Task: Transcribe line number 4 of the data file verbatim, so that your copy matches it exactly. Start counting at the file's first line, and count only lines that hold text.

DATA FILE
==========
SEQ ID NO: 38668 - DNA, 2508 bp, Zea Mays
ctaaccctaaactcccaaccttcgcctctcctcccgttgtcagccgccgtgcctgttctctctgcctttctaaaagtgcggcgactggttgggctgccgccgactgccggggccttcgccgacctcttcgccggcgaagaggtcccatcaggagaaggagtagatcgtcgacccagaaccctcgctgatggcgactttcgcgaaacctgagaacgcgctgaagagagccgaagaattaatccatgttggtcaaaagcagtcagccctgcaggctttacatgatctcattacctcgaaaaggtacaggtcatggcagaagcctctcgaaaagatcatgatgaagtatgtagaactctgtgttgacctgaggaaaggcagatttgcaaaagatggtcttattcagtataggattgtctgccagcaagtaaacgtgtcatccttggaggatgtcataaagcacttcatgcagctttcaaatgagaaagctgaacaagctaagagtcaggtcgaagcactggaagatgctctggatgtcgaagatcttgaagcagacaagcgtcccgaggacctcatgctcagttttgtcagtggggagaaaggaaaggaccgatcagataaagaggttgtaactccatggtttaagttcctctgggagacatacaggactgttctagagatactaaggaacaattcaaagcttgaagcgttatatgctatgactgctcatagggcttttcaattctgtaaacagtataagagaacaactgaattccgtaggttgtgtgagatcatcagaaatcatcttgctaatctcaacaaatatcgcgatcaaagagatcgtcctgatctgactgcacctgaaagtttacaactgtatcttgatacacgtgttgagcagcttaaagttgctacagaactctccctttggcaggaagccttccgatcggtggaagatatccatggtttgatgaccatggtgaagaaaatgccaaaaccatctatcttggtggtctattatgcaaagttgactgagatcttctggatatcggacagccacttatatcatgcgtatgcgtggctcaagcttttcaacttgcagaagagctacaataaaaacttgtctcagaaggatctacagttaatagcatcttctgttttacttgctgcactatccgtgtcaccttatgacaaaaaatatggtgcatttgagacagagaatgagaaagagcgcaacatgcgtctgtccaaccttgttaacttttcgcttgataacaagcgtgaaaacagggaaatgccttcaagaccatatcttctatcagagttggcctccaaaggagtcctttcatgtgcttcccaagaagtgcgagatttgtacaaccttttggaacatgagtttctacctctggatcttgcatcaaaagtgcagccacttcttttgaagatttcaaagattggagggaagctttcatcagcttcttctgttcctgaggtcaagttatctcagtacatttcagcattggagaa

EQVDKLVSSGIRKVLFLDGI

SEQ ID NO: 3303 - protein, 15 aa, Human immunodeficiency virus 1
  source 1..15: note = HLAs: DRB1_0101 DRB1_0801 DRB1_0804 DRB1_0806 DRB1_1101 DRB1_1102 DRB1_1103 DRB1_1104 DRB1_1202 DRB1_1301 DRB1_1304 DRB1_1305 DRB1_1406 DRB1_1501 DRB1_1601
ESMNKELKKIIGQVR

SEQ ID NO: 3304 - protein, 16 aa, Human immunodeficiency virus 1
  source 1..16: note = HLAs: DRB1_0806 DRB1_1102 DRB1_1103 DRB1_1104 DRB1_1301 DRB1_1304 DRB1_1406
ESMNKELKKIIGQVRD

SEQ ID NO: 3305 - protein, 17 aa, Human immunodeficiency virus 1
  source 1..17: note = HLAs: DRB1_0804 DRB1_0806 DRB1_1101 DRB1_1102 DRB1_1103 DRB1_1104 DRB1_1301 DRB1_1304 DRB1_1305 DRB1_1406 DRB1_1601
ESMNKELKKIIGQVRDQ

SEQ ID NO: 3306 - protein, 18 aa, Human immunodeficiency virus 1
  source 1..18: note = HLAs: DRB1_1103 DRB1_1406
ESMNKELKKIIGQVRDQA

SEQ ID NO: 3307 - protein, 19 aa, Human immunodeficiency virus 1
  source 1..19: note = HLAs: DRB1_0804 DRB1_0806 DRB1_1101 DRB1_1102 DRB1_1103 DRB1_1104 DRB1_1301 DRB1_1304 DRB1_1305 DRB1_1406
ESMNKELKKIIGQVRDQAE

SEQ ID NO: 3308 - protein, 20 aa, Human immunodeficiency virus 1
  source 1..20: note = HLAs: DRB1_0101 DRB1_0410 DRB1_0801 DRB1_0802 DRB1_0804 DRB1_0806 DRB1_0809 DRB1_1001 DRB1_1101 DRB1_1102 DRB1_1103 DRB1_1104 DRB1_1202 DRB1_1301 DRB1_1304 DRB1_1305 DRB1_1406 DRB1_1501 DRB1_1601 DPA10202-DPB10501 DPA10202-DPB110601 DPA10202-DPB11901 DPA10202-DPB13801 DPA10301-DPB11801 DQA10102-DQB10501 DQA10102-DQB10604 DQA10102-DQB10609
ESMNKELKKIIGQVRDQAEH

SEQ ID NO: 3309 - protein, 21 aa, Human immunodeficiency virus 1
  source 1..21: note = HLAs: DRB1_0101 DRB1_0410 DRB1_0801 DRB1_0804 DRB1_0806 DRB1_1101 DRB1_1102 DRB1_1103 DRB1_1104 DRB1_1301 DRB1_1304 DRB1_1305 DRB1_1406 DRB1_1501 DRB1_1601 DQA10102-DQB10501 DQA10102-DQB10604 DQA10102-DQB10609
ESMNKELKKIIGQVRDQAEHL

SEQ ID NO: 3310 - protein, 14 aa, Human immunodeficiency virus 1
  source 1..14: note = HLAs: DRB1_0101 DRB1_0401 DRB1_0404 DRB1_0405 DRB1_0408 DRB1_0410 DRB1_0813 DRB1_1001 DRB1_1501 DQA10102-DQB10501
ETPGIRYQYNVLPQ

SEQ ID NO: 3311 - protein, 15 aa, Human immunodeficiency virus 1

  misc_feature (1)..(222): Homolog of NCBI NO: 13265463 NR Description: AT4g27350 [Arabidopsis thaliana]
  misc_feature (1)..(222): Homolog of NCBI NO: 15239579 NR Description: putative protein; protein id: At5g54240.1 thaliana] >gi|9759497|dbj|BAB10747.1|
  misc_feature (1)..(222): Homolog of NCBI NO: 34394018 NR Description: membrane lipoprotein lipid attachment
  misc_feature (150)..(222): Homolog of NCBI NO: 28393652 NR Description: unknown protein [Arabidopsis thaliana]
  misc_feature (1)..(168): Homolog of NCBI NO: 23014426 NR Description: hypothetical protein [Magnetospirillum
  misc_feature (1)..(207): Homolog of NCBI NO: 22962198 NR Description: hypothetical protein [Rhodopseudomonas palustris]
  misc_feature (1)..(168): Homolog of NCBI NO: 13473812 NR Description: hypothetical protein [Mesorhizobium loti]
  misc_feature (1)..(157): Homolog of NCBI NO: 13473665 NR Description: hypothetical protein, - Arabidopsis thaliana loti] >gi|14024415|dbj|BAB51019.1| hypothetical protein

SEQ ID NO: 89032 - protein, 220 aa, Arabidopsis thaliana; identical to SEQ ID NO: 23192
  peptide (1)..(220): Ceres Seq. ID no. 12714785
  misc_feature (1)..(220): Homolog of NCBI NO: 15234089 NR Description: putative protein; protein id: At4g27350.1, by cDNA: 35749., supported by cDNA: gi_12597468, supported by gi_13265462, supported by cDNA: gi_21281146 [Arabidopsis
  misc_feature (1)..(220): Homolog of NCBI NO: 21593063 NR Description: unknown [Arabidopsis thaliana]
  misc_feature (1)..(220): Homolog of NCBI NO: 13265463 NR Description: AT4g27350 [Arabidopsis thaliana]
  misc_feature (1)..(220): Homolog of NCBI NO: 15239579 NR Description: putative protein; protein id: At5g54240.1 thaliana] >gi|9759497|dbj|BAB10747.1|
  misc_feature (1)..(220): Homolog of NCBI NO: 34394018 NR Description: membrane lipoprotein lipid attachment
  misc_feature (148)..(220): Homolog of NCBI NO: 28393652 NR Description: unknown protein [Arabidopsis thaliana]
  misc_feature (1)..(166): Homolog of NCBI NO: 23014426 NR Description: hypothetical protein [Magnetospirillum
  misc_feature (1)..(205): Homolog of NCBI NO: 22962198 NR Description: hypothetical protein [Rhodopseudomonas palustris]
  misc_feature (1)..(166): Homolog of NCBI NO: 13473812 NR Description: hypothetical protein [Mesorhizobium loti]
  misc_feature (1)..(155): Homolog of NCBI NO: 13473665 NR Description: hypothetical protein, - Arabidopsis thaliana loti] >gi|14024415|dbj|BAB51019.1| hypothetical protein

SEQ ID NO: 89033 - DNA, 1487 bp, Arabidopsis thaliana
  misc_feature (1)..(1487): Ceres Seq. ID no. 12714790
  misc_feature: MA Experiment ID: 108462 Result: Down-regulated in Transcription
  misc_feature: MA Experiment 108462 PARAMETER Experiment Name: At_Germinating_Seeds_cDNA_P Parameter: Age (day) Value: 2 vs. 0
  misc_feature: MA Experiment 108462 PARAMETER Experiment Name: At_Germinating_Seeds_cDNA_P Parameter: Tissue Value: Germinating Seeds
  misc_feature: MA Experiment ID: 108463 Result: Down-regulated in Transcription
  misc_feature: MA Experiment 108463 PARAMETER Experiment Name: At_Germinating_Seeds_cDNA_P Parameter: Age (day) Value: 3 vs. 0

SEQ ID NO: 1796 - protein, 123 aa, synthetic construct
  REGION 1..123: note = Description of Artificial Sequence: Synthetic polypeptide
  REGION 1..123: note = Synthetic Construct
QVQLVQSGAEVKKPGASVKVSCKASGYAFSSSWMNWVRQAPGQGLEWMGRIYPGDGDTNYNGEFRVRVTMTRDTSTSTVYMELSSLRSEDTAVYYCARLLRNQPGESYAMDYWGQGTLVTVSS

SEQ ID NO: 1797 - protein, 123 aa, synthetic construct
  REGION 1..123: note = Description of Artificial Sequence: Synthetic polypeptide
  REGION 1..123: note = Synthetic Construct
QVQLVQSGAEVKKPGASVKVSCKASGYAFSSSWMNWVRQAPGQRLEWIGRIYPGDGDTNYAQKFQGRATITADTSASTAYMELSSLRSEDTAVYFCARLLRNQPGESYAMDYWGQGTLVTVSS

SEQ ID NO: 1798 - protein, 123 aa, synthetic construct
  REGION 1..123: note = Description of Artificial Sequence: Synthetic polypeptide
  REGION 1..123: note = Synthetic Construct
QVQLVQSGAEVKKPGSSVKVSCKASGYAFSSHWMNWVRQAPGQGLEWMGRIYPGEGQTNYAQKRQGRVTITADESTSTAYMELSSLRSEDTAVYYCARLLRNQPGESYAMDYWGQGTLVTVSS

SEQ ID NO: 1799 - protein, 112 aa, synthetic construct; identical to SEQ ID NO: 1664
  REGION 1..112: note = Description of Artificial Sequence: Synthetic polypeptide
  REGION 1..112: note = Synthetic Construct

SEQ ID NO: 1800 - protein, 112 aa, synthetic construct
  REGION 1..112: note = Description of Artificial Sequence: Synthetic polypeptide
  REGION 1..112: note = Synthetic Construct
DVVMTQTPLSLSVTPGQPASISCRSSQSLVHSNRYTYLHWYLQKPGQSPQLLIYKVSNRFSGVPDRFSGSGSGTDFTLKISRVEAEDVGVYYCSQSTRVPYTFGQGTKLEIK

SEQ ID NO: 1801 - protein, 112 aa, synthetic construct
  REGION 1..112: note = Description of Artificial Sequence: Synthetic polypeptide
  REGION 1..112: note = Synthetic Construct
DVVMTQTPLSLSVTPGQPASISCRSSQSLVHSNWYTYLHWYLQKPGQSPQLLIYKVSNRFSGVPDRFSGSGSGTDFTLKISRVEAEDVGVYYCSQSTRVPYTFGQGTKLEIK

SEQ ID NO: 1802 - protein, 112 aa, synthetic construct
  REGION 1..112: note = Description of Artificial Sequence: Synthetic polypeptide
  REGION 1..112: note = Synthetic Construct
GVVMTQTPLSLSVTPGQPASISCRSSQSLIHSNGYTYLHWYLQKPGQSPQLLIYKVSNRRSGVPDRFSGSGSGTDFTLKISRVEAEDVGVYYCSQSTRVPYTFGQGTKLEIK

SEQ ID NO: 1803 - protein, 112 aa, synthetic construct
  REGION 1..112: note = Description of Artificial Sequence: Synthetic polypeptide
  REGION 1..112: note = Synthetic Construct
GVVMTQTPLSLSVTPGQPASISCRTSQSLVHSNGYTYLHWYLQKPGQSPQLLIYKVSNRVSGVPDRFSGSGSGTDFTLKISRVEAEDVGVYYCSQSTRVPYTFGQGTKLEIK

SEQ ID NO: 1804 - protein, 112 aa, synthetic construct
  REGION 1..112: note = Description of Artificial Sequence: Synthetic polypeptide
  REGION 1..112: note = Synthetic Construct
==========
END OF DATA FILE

SEQ ID NO: 3303 - protein, 15 aa, Human immunodeficiency virus 1